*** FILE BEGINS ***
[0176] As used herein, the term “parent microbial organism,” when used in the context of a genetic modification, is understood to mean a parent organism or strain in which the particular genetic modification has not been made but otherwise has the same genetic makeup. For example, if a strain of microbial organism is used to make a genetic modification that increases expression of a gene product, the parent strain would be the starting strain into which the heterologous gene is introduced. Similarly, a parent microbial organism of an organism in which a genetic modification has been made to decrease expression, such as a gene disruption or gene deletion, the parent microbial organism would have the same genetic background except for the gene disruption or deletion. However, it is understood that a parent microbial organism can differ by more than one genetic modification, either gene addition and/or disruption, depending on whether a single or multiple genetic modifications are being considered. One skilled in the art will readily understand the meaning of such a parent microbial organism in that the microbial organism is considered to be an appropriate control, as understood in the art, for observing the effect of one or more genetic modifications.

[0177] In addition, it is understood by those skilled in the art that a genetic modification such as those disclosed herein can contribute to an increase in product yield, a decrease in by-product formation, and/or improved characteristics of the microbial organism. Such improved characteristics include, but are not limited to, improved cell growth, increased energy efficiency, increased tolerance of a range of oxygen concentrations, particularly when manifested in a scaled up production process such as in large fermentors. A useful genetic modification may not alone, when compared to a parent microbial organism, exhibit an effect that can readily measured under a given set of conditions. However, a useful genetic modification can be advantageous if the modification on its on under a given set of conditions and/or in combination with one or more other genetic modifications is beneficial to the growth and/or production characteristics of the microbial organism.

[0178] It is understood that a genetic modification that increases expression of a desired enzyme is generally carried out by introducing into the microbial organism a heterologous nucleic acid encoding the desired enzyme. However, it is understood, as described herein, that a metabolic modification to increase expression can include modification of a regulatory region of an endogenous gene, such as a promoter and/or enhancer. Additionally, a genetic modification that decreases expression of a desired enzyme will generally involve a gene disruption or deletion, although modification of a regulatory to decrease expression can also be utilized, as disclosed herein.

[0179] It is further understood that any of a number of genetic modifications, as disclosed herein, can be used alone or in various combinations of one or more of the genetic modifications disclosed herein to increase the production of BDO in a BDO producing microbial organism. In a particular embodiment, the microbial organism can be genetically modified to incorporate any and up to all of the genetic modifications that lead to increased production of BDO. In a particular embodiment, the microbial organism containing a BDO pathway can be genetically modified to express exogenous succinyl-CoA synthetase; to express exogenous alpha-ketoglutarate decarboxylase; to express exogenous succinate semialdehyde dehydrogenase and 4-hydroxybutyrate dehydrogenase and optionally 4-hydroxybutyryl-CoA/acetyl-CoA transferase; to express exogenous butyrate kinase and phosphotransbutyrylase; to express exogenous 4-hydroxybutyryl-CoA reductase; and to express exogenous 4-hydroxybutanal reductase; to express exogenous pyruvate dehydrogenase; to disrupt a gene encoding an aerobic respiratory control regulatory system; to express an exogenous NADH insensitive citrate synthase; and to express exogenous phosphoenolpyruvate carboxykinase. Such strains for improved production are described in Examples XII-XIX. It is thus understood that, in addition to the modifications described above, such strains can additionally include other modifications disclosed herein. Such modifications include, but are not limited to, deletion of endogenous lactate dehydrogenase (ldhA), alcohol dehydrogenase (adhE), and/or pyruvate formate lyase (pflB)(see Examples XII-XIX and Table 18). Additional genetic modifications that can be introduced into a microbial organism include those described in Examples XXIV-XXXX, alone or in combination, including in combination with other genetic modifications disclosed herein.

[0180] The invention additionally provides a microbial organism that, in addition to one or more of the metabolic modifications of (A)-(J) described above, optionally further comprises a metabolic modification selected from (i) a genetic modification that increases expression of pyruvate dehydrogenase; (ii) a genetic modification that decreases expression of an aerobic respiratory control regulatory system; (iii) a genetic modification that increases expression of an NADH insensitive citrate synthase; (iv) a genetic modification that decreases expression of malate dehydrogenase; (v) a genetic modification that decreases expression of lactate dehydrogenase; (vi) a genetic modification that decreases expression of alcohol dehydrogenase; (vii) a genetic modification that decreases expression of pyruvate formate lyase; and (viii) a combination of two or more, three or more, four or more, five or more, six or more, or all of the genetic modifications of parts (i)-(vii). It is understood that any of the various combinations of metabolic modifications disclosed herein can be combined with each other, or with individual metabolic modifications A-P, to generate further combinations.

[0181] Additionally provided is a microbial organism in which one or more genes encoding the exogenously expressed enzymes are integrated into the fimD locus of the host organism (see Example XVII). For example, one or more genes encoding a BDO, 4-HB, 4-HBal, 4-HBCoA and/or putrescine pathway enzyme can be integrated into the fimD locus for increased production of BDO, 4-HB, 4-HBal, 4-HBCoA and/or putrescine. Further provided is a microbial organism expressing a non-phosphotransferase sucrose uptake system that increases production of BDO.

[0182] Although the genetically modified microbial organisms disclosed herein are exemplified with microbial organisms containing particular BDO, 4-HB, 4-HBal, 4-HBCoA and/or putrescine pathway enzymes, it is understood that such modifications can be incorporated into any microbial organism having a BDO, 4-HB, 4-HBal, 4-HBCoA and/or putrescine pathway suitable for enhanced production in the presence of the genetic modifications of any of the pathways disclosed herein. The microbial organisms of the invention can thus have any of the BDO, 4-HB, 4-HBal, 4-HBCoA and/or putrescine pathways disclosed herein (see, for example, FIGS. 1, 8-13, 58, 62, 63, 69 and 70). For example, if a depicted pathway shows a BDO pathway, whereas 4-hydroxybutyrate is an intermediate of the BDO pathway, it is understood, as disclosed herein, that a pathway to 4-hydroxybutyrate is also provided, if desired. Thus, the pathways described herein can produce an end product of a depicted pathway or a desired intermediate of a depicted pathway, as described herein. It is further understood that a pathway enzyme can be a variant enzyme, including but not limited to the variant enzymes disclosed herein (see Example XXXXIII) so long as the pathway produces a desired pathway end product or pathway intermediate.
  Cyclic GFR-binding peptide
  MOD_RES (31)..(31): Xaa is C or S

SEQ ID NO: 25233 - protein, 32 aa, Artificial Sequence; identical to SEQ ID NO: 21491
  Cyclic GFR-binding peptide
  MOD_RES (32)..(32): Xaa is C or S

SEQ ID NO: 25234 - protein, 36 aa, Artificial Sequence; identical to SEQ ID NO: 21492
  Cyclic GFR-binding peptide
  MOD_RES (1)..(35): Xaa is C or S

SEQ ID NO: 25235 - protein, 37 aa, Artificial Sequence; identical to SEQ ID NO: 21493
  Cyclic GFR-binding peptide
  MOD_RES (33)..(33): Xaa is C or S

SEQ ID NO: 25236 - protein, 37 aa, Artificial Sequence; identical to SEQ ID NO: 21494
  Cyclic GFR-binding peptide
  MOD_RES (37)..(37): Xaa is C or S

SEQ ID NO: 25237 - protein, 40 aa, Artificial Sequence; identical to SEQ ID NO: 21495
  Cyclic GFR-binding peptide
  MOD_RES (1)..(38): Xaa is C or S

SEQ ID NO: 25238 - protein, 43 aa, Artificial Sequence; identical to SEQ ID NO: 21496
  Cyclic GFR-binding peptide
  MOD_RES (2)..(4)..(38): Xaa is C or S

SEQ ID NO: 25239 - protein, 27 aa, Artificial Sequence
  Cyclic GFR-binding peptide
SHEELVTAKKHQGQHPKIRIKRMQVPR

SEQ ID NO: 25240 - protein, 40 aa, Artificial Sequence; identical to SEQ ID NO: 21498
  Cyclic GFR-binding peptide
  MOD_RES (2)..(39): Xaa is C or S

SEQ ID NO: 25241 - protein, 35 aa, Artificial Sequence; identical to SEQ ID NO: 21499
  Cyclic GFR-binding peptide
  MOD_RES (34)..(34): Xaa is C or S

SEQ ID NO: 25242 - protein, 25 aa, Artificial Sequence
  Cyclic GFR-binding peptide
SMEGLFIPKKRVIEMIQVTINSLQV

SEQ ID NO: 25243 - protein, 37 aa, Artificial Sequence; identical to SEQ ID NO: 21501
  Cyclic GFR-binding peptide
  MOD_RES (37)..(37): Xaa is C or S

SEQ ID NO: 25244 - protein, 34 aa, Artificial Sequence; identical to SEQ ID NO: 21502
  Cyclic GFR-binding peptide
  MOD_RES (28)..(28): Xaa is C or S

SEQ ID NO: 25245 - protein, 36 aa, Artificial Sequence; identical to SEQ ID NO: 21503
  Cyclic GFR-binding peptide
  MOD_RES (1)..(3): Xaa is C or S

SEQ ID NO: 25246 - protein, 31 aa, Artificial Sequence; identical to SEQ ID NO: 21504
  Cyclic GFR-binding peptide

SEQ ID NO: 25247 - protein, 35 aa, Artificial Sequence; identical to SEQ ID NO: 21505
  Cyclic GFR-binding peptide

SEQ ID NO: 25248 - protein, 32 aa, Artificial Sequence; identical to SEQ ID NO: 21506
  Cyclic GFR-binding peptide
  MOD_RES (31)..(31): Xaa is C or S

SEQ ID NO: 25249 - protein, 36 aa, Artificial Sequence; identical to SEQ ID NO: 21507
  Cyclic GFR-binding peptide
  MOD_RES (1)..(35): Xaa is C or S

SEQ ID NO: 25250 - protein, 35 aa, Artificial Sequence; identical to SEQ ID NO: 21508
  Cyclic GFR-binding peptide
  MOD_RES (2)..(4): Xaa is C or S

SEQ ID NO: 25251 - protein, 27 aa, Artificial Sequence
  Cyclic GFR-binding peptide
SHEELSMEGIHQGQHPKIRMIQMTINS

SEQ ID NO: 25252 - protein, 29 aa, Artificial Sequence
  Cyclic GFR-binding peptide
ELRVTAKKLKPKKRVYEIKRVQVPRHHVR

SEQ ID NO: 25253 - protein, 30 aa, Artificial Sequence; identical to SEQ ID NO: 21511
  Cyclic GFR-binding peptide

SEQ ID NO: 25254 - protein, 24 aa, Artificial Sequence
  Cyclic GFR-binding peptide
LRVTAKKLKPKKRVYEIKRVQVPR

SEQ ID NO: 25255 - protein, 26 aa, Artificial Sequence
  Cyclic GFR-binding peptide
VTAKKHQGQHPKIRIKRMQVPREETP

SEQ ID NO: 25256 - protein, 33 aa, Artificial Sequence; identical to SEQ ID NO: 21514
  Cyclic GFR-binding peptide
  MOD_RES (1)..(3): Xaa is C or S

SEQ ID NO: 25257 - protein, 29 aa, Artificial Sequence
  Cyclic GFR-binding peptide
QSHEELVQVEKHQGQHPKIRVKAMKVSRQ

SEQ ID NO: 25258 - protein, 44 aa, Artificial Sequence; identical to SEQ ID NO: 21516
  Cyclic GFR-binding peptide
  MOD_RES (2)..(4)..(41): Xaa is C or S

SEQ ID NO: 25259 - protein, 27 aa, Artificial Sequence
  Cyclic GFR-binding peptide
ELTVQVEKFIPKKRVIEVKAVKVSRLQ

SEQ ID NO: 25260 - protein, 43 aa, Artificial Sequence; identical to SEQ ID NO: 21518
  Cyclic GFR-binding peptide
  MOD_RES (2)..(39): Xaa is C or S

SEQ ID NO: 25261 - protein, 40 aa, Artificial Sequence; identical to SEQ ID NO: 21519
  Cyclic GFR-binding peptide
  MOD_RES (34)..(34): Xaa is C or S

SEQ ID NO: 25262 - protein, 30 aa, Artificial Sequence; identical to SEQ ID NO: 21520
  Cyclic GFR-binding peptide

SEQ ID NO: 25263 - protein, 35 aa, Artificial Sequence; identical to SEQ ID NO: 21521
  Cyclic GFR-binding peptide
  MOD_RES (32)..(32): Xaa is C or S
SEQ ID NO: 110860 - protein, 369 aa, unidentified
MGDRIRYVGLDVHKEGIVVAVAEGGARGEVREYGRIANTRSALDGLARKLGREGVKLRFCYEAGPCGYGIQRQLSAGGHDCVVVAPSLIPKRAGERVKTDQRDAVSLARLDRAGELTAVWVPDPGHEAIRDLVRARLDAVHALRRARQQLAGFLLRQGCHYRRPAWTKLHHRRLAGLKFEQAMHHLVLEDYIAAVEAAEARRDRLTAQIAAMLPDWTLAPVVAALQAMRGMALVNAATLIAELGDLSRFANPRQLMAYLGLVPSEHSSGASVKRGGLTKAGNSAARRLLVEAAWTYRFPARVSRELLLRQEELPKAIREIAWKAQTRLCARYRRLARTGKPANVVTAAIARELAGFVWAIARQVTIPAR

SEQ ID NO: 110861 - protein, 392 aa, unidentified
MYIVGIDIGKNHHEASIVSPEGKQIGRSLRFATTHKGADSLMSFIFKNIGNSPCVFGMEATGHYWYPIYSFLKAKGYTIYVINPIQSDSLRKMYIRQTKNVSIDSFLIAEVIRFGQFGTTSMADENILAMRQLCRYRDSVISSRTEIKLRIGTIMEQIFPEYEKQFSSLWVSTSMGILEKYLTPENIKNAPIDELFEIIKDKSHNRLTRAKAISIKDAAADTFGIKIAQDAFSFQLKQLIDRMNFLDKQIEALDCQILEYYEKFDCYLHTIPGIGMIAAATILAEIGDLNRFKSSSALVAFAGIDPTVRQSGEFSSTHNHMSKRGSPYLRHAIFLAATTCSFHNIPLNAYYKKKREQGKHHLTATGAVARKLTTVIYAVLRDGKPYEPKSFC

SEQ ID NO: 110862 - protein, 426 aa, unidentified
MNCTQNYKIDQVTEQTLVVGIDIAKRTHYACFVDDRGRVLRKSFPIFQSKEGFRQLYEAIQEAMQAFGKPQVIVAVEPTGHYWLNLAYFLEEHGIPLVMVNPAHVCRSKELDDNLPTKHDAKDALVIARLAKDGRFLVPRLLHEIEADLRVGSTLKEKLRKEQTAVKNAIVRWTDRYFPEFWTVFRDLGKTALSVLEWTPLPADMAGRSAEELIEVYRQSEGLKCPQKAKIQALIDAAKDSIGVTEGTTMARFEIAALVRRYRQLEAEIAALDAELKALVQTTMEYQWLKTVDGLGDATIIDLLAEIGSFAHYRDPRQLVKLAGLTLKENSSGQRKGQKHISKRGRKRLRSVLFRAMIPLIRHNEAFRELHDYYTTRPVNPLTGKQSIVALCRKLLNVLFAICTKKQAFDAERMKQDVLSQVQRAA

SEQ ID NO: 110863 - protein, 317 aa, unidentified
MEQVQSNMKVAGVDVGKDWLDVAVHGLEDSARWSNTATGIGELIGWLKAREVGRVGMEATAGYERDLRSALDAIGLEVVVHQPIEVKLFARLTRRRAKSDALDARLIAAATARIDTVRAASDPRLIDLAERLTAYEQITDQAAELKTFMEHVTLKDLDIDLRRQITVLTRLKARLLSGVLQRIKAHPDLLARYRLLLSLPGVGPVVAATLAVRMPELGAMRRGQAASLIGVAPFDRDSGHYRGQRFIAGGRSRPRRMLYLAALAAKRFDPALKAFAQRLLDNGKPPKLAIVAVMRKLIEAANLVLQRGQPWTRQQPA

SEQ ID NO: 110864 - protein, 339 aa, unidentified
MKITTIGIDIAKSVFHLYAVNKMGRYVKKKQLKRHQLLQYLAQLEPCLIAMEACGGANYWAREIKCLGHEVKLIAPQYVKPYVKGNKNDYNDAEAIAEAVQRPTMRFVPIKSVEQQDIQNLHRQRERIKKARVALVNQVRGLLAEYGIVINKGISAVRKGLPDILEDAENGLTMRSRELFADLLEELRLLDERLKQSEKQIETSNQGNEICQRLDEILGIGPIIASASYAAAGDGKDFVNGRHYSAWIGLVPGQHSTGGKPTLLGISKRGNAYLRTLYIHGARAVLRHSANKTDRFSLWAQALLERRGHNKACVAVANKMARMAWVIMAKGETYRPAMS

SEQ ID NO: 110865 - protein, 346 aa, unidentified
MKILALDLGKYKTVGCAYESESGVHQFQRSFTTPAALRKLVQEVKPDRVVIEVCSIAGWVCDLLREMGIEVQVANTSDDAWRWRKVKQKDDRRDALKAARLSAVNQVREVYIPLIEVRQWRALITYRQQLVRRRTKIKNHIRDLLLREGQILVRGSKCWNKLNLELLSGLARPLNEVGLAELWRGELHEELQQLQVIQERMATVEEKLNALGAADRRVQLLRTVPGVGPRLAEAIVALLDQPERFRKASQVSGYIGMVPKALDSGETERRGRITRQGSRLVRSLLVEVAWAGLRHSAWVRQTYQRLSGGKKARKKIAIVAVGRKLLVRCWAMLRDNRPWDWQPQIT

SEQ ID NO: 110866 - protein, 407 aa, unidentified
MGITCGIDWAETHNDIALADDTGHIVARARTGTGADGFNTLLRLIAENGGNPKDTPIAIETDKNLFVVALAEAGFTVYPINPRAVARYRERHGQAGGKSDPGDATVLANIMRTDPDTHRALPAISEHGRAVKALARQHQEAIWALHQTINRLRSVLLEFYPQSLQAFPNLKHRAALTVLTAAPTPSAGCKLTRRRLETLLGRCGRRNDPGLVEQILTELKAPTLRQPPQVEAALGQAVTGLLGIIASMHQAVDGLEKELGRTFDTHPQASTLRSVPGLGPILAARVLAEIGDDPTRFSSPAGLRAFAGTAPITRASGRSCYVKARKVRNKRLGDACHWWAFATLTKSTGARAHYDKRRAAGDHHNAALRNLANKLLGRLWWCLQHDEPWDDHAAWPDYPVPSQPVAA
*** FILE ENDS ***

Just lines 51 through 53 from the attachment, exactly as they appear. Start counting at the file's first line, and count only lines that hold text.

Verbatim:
SEQ ID NO: 25247 - protein, 35 aa, Artificial Sequence; identical to SEQ ID NO: 21505
  Cyclic GFR-binding peptide

SEQ ID NO: 25248 - protein, 32 aa, Artificial Sequence; identical to SEQ ID NO: 21506